Article of the Month

World Health and Children

Children are the assets of a nation; they are vital to the nation’s present and future because they are vulnerable beings, more at risk of diseases and health complications. When children are shielded from disease, they can grow into healthy adults and contribute to the development of productive and healthy societies. Any nation’s future depends on stable, well-protected, informed, and well-developed children.

In December 1945, officials of Brazil and China proposed the creation of an international health organization that is all-encompassing and absolutely independent from any government powers. Half a year later, in New York, in July 1946, the constitution of the World Health Organization was approved. The said constitution entered into force on April 7, 1948, as 61 countries signed in agreement for the inception of the NGO.As one of the first official acts of World Health Organization(WHO), they created the celebration of World Health Day. It was first observed on July 22, 1949, but the date was later changed to April 7, to encourage student participation.

In 1948, the WHO held the First World Health Assembly. The World Health Day is held to mark it’s founding and is seen as an opportunity by the organization to draw worldwide attention to a subject of major importance to global health each year. Over the past 50 years of existence, this annual celebration has brought to light important health issues such as mental health, maternal and child care, and climate change. The celebration is marked by activities that extend beyond the day itself and serves as an opportunity to focus worldwide attention on these important aspects of global health. This year’s World Health Day has the theme “building a fairer, healthier world for everyone”.

For this year, WHO notes that COVID-19 has highlighted that some people are able to live healthier lives and have better access to health services than others – entirely due to the conditions in which they are born, grow, live, work and age. Before Covid-19, in the UK, 4.2 million children were living in poverty; over 30% of the children in the country (DWP, 2020). This numbers has risen since Covid-19. In Africa prior to Covid-19 more than half the population was living in poverty. In Nigeria, more than 80 million Nigerians were struggling to survive.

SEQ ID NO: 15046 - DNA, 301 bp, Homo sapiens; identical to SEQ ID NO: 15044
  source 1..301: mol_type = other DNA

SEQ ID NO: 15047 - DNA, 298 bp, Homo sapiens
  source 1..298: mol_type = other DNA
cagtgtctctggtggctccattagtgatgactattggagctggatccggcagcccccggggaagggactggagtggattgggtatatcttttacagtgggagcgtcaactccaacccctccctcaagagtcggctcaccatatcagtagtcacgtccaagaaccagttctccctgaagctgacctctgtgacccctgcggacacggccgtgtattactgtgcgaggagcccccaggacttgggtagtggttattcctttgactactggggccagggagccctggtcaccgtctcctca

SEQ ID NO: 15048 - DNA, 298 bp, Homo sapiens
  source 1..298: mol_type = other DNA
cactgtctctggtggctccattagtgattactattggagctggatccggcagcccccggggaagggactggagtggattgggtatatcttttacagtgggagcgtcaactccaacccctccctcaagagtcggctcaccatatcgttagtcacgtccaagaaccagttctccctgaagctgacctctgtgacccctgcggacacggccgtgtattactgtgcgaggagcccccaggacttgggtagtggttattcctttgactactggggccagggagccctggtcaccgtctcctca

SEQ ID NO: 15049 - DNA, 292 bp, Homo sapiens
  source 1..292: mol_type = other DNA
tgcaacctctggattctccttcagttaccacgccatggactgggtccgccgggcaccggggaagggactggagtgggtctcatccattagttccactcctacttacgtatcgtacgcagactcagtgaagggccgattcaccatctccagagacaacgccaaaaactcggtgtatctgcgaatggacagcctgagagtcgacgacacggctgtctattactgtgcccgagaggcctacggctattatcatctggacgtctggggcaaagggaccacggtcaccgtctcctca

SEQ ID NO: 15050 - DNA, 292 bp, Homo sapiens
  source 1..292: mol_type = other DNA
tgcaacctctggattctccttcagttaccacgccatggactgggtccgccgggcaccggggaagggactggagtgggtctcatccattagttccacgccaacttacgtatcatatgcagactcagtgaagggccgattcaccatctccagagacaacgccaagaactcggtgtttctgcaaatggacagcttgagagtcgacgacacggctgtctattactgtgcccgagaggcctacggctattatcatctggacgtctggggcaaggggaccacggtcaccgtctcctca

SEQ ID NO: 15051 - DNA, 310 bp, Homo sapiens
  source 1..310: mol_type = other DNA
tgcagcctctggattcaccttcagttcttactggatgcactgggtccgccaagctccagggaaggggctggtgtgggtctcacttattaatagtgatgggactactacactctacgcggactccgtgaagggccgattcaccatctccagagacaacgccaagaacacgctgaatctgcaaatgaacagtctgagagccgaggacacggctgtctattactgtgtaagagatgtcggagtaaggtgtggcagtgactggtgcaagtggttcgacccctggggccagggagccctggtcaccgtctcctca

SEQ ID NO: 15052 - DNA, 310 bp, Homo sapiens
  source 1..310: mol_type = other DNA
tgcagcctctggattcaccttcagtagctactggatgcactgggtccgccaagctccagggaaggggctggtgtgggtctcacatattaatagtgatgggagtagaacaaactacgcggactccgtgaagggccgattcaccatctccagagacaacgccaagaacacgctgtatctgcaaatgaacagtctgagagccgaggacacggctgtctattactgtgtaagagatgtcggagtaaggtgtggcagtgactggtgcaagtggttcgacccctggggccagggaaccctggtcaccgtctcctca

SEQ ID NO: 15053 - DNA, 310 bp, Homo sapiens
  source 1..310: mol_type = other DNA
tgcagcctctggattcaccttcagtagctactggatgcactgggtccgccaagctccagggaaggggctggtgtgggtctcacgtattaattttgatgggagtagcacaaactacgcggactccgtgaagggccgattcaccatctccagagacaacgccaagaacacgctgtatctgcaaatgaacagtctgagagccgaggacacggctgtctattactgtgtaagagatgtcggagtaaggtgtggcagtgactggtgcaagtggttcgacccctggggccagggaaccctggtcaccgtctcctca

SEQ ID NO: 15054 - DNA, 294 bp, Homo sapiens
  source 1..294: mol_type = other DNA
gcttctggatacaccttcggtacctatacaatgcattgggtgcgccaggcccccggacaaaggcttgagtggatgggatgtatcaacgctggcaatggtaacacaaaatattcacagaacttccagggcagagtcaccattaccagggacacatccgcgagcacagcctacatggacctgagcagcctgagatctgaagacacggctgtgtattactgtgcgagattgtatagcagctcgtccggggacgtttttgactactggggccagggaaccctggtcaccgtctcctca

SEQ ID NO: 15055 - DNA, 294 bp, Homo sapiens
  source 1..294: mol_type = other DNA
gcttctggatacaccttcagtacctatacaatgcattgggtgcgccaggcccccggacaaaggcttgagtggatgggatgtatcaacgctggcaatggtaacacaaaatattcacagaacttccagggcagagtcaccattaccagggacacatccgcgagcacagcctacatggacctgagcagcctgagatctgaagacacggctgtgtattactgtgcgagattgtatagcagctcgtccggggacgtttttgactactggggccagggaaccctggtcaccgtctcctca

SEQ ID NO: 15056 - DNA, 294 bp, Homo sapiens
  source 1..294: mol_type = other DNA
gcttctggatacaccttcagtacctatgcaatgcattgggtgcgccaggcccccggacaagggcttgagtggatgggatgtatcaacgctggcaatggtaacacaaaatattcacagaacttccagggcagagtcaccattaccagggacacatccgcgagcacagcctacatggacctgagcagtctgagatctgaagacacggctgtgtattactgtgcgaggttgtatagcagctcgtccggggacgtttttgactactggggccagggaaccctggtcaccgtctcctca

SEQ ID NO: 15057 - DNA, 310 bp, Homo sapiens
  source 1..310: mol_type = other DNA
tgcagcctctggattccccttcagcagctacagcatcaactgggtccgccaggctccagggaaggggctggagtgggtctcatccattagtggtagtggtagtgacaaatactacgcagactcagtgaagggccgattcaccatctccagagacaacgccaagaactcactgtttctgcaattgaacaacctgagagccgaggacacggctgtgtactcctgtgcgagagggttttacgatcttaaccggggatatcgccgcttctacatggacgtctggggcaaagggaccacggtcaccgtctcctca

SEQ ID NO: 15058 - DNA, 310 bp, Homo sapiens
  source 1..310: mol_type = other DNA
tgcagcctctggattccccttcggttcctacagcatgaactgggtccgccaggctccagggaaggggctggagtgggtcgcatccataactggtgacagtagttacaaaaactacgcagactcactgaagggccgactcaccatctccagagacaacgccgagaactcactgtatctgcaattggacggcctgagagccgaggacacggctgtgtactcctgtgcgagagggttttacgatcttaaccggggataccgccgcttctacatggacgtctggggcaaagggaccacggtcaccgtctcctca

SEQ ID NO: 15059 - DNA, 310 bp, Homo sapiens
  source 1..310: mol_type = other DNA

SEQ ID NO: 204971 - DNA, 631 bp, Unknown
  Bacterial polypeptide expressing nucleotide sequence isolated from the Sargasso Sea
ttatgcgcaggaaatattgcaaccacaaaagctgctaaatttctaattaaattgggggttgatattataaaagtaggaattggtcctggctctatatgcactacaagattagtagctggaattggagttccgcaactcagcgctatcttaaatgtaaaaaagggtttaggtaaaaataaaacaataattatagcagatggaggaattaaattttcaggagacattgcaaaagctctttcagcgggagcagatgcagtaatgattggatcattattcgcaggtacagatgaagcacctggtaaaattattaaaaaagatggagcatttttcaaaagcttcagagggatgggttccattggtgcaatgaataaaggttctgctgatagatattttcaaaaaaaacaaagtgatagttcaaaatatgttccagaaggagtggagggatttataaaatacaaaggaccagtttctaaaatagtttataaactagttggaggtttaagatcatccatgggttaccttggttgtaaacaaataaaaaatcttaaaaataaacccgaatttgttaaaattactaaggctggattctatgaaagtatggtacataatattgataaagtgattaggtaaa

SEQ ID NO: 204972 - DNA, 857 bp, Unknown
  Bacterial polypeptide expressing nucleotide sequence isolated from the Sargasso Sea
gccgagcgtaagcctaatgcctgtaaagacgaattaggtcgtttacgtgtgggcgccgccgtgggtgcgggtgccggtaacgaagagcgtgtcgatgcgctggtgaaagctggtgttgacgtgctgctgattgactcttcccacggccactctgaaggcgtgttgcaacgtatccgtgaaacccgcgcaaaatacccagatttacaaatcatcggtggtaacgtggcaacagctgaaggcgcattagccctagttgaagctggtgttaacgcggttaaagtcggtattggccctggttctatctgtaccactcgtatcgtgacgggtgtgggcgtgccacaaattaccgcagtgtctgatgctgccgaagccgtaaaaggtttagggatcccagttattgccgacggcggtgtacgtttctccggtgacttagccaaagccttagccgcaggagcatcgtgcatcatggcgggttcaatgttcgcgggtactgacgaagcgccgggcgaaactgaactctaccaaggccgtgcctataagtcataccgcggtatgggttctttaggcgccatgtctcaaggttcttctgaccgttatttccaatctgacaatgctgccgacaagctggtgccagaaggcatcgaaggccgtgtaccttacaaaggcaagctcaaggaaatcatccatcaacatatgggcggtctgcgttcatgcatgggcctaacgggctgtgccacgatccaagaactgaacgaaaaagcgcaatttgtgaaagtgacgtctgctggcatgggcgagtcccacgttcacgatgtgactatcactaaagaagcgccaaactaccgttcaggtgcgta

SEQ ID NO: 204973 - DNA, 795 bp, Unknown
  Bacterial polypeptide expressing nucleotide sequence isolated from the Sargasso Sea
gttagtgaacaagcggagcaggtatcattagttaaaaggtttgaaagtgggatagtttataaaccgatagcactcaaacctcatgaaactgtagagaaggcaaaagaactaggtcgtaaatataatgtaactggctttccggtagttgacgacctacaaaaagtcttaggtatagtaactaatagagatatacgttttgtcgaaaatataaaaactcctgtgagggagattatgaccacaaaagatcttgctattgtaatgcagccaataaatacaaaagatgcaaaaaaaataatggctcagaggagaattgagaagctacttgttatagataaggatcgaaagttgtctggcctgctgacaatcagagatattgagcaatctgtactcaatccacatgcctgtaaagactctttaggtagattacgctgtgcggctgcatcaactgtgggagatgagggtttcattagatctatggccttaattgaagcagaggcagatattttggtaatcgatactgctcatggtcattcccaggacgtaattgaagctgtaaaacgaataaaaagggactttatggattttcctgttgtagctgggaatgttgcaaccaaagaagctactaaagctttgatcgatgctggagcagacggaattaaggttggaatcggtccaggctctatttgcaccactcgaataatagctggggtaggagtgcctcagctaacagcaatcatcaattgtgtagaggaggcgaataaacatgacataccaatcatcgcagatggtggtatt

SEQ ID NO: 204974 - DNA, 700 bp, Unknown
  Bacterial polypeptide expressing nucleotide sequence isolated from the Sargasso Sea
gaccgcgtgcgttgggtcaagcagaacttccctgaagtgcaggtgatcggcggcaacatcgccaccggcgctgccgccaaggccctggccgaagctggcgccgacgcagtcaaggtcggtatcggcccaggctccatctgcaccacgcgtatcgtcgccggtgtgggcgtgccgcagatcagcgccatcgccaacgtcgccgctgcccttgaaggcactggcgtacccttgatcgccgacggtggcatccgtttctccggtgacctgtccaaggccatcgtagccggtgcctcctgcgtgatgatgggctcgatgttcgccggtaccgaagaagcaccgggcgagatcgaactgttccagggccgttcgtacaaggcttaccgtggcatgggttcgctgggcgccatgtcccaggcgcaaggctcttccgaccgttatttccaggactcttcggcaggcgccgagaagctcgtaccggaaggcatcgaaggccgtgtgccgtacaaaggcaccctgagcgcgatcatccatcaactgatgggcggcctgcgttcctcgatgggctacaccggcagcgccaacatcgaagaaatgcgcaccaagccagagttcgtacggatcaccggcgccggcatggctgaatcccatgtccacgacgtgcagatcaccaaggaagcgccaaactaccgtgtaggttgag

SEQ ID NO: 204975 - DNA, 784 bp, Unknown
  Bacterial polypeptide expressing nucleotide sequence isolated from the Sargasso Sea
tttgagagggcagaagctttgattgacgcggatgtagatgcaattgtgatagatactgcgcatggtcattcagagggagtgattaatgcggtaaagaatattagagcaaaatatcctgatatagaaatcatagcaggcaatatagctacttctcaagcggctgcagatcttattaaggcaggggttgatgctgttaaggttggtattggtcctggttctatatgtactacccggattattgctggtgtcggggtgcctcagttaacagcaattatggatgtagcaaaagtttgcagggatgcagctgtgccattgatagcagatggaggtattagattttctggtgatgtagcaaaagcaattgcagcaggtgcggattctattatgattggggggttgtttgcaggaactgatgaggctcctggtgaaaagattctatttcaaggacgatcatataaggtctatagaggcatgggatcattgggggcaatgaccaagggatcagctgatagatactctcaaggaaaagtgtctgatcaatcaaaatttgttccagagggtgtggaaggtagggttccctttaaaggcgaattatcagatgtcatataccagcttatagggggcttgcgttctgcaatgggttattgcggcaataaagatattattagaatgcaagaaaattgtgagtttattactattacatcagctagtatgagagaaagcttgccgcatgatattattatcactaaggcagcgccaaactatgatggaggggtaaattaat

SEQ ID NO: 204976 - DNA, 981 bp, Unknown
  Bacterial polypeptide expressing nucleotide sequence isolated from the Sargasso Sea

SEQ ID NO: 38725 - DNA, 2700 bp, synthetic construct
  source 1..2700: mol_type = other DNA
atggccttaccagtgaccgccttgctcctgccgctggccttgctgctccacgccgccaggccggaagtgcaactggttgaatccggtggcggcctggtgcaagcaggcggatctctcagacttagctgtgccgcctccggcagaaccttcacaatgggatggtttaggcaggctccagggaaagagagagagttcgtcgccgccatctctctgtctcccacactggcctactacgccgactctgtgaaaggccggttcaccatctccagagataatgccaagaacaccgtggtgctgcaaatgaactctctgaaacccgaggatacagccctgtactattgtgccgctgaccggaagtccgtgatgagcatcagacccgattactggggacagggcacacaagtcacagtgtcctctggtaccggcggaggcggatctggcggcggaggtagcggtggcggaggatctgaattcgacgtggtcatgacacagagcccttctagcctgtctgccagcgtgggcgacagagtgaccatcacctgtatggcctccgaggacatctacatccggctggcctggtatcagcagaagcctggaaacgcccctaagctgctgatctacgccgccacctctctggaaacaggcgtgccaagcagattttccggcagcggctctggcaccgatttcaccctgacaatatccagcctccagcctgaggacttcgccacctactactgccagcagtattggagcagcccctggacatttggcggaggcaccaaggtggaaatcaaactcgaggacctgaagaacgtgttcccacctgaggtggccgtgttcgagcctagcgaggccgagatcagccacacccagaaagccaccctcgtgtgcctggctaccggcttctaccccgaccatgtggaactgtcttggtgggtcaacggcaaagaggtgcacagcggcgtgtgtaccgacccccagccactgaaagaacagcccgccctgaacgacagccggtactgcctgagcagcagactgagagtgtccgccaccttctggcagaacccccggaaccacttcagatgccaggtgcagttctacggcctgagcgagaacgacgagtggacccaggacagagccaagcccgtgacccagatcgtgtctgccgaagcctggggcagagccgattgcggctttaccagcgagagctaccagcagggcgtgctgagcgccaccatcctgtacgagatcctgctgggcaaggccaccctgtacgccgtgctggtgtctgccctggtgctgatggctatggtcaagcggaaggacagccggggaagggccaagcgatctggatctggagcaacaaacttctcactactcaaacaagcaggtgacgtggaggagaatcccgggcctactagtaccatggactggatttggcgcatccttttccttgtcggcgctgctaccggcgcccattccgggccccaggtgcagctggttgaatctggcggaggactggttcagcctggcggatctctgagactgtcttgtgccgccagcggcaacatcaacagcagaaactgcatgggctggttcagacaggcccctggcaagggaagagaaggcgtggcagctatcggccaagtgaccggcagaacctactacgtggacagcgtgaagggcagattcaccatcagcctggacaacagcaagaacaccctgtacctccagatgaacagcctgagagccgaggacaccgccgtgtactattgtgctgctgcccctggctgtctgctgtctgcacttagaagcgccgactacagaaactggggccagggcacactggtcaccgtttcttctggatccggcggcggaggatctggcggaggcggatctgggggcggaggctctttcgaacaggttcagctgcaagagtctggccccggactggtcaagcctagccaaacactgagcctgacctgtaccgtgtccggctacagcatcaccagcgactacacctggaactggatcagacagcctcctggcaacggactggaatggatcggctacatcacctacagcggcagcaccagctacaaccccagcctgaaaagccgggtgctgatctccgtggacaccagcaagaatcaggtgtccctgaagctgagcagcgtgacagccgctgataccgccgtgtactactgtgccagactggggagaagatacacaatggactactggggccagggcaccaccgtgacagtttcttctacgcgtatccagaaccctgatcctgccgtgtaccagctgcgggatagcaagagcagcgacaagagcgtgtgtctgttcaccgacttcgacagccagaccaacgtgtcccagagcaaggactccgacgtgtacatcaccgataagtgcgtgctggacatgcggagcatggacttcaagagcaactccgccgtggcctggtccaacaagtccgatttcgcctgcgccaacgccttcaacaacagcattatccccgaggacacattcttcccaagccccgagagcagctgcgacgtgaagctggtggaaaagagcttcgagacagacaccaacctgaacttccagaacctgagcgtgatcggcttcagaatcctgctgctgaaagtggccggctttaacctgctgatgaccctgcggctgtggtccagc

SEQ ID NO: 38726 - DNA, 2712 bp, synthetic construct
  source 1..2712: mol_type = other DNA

As we look back at the past year it is estimated that over 100 million people globally will be living in impoverished conditions by 2022 (Yonzan et al, 2020)

All over the world, some people struggle to make ends meet with little daily income, have poorer housing conditions and education, fewer employment opportunities, experience greater gender inequality and have little or no access to safe environments, clean water, and air, food security, and health services. This leads to unnecessary suffering, avoidable illness, and premature death, states WHO, and it harms our societies and economies. WHO is calling on leaders to ensure that everyone has living and working conditions that are conducive to good health.

On this World Health Day, we not only remember children around the globe who do not have access to basic health care, but we also remember children suffering from Rare diseases like Chronic Granulomatous Disease (CGD), Duchenne muscular dystrophy (DMD), Neuroblastoma, etc, with little or no cure. Global statistics of 93 and 150 million children with disabilities under the age of 14, In Africa, an estimated 6.4% of children in this age range have moderate or severe disabilities.

In UK alone you have 14.1 million disable people in the UK and 8% of children are disabled. These Children rely on well-meaning individuals for aid and some can only hope that solution to their ailments is discovered soon.

Continue Reading here

Quote of the Month

A child can earn their wigs with a little helping hand. It takes little drops to make the world a better place.

By Blessing Olalemi

TOPIC OF THE MONTH

A Safehaven a Ray of hope presentation- Destitution in Children

Every child deserve a future

Listen to the voice of

Shan                                                                                                    Chinese actress

Debi
specialist nurse

Christine
Director maximize education

You can Make a Difference…

Support our great work at Safe Haven – A Ray of Hope by clicking below, every penny counts towards giving every underpriviledged child and children with disability hope to life.